Furniture Mount thumbnail 1
Image of Gallery in South Kensington
On display at V&A South Kensington
Ceramics, Room 139, The Curtain Foundation Gallery

Furniture Mount

c. 1755-60 (made)
Place of origin

Furniture mount of hard-paste porcelain and in the shape of a sea monster with an old woman's head and breast.

Object details

Object type
Materials and techniques
Hard-paste porcelain
Brief description
Furniture mount of hard-paste porcelain and in the shape of a sea monster or harpy, Doccia porcelain factory, Doccia, c. 1755-60.
Physical description
Furniture mount of hard-paste porcelain and in the shape of a sea monster with an old woman's head and breast.
  • Height: 6.6cm
  • Length: 9.5cm
Gallery label
FURNITURE MOUNT Porcelain In the shape of a sea monster ITALY (DOCCIA); 2nd half of 18th century 3887-1853 (Label draft attributed to John V. G. Mallet, ca. 1995)(ca. 1995)
Object history
Bandinel Collection.
Subject depicted
Bibliographic reference
Frescobaldi Malenchini, Livia ed. With Balleri, Rita and Rucellai, Oliva, ‘Amici di Doccia Quaderni, Numero VII, 2013, The Victoria and Albert Museum Collection’, Edizioni Polistampa, Firenze, 2014 pp. 60-62, Cat. 34 34. Figure of a harpy (furniture mount) circa 1755-1760 hard-paste porcelain h 6,5 cm; length 8,7 cm inv: 3887-1853 purchase: Bandinel Collection These objects (cat. 34-37) are inspired by Marine mythology and are characteristic of the production at Doccia between 1750 and 1765; they are mentioned several times in the factory inventories, especially as being part of table centre pieces. In particular various harpy figures are mentioned in the Inventory of Models (LANKHEIT 1982, p. 78, n. 5) and in the Inventory of Moulds where, in the Sixth Room at no. 7 there is “un degiuné di due arpie” (breakfast set with two harpies). Production of these pieces is also demonstrated in the warehouse inventories in Livorno compiled on June 7th 1757, where, on page 17, it mentions: “two satyrs each of which has two sphinxes”. Moreover, in the 1760 price list they mention sirens or sphinxes which are part of a centre piece (“sirene o sfingi, per servire di ornamento ai sortù”) which were sold unpainted at 4 liras a piece; in the same list there are others painted in colours which cost twice as much or a proportionate amount more (GINORI LISCI 1963, p. 308). A figure which is practically identical to cat. 34, 35 is in the de Tschudy collection in the Stibbert Museum in Florence (A. d’Agliano, in LE PORCELLANE EUROPEE 2002, p. 20, cat. 4). Two other similar ones are in the Museo Duca di Martina in Naples. The harpies (cat. 34, 35) are missing the shell which was meant to hold salt or other sweet or salty condiments. The figure in cat. 34 is modeled with particular attention to the facial features. The other two (cat. 36, 37) are shaped so that the shell is supported by the head and the tail. They are set on a small round Rococo base. The type of decoration and the range of colours used would suggest a slightly later date with respect to the other two. Both of the bases have the number “6” painted in red. The presence of numbers painted on Doccia porcelain has not yet been explained and no documents have emerged that clarify their meaning. For some of the painted numbers, Ginori Lisci has proposed a wide chronological range of between 1760 and 1820 (GINORI LISCI 1963, p. 322-323, n. 13, 19). For variations of these figures, see the examples at Ickworth (WINTER 2008, p. 32, fig. 20) and at the Metropolitan Museum of Art in New York (MUNGER 2007, p. 27, fig. 12). A. d’A. and N.M. Bibliography: unpublished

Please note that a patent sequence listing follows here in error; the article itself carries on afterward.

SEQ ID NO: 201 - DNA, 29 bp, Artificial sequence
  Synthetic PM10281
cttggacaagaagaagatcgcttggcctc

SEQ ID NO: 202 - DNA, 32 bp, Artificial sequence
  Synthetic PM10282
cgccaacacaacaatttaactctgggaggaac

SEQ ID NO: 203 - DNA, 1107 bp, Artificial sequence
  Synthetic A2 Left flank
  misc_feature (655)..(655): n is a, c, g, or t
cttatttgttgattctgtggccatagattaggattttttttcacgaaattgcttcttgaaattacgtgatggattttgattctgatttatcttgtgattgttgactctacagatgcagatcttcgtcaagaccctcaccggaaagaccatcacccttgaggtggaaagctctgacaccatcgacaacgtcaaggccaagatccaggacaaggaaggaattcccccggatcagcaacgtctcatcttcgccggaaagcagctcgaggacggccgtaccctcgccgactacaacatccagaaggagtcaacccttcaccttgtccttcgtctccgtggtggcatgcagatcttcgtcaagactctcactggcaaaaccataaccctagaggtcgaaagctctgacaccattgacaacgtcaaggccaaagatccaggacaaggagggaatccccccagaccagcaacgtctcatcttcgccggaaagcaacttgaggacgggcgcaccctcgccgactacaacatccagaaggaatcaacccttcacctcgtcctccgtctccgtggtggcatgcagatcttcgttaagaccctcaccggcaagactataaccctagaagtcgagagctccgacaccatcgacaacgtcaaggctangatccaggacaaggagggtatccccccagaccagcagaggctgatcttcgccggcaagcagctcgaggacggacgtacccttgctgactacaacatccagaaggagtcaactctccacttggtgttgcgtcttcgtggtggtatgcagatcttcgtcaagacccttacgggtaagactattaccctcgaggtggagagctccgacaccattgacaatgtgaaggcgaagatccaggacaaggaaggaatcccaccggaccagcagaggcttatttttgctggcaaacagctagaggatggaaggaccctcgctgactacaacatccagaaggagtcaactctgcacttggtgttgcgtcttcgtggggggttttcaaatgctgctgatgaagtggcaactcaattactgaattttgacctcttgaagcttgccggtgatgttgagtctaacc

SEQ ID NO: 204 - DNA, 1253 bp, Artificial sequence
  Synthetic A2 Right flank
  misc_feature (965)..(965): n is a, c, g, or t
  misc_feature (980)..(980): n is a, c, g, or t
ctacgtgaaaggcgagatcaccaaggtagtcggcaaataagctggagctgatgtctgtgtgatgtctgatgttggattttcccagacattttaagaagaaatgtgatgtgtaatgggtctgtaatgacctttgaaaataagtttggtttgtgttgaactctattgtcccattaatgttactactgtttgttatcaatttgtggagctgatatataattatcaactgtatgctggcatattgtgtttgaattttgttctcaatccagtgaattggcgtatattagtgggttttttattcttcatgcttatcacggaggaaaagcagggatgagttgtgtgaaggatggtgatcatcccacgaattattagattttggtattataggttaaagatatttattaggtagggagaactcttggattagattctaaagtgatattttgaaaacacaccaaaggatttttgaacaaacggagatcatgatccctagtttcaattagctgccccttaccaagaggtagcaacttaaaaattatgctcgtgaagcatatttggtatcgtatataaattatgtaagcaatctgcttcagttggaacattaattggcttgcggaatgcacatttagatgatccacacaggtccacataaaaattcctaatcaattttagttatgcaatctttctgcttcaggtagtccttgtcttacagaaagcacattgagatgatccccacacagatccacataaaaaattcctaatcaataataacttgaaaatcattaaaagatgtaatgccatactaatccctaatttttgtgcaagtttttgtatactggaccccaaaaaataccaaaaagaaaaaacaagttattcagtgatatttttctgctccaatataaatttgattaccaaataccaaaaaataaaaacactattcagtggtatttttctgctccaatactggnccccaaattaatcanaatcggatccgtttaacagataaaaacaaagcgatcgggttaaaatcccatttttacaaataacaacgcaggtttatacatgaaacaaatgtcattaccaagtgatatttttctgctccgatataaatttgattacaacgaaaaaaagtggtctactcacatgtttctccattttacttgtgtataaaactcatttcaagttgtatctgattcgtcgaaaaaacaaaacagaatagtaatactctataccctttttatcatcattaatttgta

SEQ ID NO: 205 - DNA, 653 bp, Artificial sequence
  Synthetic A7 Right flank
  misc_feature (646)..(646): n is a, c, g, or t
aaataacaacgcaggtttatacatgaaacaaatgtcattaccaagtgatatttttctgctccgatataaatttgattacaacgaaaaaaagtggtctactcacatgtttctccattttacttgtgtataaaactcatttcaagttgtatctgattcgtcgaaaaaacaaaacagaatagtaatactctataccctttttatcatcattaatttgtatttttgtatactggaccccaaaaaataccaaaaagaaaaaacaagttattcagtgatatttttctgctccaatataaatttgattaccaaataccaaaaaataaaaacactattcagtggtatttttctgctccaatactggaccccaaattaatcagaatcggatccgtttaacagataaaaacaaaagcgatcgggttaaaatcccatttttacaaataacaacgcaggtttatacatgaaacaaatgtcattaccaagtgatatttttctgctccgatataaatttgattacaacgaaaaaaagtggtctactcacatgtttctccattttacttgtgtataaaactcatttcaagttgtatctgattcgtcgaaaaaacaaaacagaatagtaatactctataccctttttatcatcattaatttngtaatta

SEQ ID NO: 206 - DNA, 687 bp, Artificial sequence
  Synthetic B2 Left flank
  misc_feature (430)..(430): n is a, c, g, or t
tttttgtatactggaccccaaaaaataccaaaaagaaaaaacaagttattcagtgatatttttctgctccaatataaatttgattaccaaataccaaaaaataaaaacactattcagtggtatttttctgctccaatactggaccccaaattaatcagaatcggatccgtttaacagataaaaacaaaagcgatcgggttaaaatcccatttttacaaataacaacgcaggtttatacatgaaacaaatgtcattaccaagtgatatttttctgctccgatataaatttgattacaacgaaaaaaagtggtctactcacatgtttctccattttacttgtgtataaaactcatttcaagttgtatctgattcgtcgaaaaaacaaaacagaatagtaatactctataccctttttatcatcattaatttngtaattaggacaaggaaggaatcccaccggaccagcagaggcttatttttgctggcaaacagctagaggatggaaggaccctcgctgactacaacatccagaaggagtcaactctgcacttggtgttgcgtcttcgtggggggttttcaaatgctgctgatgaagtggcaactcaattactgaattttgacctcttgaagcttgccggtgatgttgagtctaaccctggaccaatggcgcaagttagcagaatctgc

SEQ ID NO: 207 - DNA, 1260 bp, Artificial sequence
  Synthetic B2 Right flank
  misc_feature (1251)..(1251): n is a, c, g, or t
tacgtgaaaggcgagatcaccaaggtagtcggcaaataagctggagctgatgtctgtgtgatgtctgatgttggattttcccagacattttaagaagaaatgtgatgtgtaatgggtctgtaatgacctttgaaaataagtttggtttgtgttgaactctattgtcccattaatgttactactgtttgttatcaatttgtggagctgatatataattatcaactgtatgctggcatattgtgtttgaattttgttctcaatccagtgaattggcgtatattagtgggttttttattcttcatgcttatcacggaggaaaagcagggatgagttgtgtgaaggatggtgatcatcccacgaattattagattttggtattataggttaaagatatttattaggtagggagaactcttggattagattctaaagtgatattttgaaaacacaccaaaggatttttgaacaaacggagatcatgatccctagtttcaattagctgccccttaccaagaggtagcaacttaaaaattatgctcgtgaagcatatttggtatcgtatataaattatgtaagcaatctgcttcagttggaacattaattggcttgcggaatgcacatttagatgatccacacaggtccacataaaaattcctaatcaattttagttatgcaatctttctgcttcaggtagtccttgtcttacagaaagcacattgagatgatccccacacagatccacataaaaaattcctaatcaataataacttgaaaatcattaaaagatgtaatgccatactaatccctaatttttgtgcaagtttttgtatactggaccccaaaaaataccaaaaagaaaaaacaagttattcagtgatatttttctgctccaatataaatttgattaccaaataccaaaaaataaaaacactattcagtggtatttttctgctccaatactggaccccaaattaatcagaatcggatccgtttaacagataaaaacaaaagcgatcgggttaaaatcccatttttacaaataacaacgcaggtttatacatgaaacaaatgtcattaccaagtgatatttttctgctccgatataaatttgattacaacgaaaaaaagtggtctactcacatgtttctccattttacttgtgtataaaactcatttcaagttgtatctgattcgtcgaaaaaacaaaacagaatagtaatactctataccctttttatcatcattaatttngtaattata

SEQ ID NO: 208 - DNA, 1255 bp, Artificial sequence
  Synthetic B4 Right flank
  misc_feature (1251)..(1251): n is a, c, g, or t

Accession number

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Record createdSeptember 25, 2009
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